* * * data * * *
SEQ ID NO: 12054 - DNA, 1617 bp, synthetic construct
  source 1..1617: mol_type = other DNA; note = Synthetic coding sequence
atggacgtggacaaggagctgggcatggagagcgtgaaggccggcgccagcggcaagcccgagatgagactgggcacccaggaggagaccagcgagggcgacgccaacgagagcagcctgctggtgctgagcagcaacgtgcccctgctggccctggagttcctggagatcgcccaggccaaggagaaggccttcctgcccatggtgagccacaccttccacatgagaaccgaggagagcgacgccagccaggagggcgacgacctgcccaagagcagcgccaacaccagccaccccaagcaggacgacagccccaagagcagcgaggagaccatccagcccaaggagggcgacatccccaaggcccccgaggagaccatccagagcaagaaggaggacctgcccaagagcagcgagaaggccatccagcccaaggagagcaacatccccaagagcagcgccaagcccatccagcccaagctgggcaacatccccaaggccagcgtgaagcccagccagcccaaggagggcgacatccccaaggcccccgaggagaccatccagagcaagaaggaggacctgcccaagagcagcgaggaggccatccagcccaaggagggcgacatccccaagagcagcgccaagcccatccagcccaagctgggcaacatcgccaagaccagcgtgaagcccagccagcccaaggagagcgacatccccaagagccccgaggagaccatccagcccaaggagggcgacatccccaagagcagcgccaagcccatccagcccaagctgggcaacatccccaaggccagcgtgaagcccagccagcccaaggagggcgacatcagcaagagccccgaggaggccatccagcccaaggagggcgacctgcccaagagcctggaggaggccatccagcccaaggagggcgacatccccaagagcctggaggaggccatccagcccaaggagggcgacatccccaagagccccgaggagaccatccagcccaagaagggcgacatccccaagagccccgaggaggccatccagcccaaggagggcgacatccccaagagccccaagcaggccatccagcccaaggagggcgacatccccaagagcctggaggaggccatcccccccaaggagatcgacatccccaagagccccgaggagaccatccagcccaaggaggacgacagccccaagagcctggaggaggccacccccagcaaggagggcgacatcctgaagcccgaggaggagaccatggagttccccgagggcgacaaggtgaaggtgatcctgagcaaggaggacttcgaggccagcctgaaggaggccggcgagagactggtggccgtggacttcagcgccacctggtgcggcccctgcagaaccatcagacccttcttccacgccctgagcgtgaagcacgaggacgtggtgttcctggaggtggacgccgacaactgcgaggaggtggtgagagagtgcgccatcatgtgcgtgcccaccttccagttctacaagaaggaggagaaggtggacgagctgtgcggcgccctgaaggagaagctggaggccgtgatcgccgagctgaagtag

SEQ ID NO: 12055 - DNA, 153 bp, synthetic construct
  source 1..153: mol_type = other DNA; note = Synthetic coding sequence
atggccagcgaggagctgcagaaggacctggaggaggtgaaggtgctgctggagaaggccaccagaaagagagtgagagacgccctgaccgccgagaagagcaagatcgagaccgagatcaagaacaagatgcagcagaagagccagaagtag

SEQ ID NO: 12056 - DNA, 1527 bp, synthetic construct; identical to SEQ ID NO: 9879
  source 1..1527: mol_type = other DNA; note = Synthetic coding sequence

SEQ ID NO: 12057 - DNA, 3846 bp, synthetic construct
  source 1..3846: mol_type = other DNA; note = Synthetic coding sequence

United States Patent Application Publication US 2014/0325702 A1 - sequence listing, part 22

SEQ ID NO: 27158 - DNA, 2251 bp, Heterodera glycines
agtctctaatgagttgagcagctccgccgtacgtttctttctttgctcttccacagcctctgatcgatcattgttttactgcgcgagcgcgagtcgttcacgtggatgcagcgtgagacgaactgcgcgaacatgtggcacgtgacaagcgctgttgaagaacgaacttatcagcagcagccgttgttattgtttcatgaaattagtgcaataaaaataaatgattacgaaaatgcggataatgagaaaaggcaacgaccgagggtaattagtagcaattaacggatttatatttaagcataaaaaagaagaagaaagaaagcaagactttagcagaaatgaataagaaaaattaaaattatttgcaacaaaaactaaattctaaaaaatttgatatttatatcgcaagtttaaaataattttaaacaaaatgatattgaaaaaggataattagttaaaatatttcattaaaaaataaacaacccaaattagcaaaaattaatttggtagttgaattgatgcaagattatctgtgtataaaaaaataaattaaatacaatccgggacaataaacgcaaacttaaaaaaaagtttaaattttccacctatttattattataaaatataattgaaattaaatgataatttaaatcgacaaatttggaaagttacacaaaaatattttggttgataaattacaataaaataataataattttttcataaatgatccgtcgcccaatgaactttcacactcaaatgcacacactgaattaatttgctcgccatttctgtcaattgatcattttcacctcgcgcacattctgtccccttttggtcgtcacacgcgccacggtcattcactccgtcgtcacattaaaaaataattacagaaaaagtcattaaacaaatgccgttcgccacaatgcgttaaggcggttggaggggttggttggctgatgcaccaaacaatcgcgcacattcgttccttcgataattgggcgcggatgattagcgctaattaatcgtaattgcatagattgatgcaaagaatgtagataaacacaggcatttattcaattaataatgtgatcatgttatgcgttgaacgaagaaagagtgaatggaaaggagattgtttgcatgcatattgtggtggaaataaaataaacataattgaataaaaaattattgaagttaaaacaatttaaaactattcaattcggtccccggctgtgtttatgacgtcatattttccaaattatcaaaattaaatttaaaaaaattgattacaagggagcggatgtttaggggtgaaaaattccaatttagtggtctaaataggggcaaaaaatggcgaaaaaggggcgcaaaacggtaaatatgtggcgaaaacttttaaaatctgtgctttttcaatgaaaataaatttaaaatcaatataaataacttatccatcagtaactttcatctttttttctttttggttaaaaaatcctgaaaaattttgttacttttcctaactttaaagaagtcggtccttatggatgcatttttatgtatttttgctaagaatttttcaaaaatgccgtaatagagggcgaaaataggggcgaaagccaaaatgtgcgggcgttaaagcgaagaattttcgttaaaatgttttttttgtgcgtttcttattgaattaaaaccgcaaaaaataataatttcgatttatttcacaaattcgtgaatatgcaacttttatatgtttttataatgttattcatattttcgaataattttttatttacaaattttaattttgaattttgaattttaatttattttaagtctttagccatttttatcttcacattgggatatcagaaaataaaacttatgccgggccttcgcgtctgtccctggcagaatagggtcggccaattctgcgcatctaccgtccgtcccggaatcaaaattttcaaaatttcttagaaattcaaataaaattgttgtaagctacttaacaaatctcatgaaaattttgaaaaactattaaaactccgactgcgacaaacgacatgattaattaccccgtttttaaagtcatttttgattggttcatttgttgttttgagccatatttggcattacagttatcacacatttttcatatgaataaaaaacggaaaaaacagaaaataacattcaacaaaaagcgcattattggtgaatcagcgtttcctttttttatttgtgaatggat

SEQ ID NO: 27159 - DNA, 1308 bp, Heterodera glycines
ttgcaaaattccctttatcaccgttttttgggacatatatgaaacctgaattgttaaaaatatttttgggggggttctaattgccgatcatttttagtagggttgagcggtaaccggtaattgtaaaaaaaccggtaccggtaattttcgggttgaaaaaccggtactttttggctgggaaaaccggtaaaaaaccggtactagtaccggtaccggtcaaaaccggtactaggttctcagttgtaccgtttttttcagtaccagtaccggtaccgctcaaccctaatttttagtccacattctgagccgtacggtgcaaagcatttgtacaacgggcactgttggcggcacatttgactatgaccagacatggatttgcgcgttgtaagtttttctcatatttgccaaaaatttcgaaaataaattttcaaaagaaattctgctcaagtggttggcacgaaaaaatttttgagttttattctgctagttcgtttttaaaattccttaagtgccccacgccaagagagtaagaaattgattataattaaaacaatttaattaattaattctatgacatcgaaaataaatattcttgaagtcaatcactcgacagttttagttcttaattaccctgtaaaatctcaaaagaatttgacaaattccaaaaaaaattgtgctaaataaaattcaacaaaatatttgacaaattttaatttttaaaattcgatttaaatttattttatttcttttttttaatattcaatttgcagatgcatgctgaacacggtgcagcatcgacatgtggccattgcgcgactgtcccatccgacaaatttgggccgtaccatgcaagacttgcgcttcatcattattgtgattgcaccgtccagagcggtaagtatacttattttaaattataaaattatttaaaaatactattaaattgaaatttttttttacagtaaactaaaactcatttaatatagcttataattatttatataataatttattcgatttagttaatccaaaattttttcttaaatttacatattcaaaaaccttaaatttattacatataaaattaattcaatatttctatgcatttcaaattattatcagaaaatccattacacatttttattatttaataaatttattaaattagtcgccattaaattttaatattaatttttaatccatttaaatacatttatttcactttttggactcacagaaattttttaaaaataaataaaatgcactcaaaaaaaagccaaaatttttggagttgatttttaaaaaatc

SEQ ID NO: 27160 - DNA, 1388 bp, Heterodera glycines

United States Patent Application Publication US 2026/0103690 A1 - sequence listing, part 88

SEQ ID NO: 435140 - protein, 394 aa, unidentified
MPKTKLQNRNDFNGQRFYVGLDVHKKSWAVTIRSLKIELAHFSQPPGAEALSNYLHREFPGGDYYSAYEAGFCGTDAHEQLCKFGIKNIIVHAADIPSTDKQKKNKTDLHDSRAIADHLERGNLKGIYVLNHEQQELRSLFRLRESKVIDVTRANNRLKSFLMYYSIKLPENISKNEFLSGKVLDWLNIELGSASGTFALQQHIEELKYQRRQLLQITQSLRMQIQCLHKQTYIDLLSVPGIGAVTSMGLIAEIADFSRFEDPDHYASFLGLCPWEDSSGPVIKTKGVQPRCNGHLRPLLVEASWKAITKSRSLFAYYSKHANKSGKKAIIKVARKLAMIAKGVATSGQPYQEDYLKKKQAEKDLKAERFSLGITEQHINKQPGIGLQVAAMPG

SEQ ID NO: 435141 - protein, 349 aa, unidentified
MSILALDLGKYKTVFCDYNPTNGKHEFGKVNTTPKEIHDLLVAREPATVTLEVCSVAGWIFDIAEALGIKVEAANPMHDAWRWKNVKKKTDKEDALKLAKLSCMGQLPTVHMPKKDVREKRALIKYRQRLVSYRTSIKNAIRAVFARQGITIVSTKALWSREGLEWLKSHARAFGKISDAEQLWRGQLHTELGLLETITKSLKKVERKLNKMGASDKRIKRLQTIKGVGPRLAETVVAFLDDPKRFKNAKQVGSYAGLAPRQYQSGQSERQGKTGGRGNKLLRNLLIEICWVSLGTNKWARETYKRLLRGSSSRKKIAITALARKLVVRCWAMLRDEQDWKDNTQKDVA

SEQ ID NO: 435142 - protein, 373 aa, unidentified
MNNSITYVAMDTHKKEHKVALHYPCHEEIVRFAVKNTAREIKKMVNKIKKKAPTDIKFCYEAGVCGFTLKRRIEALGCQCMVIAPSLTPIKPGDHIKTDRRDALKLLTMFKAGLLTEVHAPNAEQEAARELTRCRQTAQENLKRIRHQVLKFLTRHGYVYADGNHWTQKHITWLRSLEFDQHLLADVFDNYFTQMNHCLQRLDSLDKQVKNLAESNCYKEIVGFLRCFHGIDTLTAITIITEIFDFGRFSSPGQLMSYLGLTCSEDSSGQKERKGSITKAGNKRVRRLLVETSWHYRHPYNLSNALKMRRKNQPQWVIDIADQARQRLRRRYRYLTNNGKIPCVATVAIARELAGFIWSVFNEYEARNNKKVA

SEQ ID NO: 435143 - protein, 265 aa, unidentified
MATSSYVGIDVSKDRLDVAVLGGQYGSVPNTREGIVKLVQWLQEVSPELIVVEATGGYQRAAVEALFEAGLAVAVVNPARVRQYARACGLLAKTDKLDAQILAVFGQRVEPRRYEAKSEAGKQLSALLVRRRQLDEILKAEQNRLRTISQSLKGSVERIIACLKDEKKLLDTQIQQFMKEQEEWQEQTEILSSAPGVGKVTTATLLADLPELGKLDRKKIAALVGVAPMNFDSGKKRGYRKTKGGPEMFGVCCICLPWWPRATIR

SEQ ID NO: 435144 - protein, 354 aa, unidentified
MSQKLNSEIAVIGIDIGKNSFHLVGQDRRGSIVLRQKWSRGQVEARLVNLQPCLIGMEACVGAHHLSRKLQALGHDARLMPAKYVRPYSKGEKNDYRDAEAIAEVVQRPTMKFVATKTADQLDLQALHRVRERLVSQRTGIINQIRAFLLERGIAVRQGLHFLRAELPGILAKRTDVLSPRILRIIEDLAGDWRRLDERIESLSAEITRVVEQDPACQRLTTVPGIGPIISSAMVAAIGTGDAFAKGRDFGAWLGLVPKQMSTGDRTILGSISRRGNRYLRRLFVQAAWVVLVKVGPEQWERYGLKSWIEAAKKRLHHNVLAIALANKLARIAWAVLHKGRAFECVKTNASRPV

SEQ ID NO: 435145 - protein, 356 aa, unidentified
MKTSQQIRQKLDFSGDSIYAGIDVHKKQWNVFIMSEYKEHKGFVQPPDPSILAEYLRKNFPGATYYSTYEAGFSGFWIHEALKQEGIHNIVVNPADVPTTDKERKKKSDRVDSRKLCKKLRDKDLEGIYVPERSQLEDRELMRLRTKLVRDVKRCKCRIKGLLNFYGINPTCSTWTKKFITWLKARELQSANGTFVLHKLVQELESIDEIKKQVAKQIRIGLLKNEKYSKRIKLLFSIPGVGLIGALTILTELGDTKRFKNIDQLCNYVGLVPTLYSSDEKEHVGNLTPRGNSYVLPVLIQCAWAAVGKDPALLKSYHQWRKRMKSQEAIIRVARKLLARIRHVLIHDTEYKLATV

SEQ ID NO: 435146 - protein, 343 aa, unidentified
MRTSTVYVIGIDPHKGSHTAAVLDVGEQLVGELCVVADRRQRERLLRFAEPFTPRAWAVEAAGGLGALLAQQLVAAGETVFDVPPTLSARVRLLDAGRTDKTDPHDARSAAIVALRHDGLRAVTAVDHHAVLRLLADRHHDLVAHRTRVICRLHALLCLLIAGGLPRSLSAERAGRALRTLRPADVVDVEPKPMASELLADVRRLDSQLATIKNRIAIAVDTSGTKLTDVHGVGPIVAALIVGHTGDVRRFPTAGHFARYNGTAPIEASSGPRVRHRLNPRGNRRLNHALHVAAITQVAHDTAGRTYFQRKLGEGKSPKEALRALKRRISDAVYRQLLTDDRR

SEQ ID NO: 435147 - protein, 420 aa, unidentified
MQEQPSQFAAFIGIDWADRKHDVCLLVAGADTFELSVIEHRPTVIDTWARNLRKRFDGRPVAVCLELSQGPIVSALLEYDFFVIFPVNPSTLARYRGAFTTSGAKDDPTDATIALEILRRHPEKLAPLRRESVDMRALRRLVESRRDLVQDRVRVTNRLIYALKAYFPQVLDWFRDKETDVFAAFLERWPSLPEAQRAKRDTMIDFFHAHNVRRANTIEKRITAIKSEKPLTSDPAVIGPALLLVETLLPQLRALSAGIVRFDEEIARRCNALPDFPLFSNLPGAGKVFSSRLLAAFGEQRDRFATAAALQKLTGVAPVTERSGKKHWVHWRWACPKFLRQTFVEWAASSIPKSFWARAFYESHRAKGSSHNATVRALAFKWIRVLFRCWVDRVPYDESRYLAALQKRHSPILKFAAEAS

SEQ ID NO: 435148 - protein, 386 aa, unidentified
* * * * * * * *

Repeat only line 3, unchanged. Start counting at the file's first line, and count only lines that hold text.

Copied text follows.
atggacgtggacaaggagctgggcatggagagcgtgaaggccggcgccagcggcaagcccgagatgagactgggcacccaggaggagaccagcgagggcgacgccaacgagagcagcctgctggtgctgagcagcaacgtgcccctgctggccctggagttcctggagatcgcccaggccaaggagaaggccttcctgcccatggtgagccacaccttccacatgagaaccgaggagagcgacgccagccaggagggcgacgacctgcccaagagcagcgccaacaccagccaccccaagcaggacgacagccccaagagcagcgaggagaccatccagcccaaggagggcgacatccccaaggcccccgaggagaccatccagagcaagaaggaggacctgcccaagagcagcgagaaggccatccagcccaaggagagcaacatccccaagagcagcgccaagcccatccagcccaagctgggcaacatccccaaggccagcgtgaagcccagccagcccaaggagggcgacatccccaaggcccccgaggagaccatccagagcaagaaggaggacctgcccaagagcagcgaggaggccatccagcccaaggagggcgacatccccaagagcagcgccaagcccatccagcccaagctgggcaacatcgccaagaccagcgtgaagcccagccagcccaaggagagcgacatccccaagagccccgaggagaccatccagcccaaggagggcgacatccccaagagcagcgccaagcccatccagcccaagctgggcaacatccccaaggccagcgtgaagcccagccagcccaaggagggcgacatcagcaagagccccgaggaggccatccagcccaaggagggcgacctgcccaagagcctggaggaggccatccagcccaaggagggcgacatccccaagagcctggaggaggccatccagcccaaggagggcgacatccccaagagccccgaggagaccatccagcccaagaagggcgacatccccaagagccccgaggaggccatccagcccaaggagggcgacatccccaagagccccaagcaggccatccagcccaaggagggcgacatccccaagagcctggaggaggccatcccccccaaggagatcgacatccccaagagccccgaggagaccatccagcccaaggaggacgacagccccaagagcctggaggaggccacccccagcaaggagggcgacatcctgaagcccgaggaggagaccatggagttccccgagggcgacaaggtgaaggtgatcctgagcaaggaggacttcgaggccagcctgaaggaggccggcgagagactggtggccgtggacttcagcgccacctggtgcggcccctgcagaaccatcagacccttcttccacgccctgagcgtgaagcacgaggacgtggtgttcctggaggtggacgccgacaactgcgaggaggtggtgagagagtgcgccatcatgtgcgtgcccaccttccagttctacaagaaggaggagaaggtggacgagctgtgcggcgccctgaaggagaagctggaggccgtgatcgccgagctgaagtag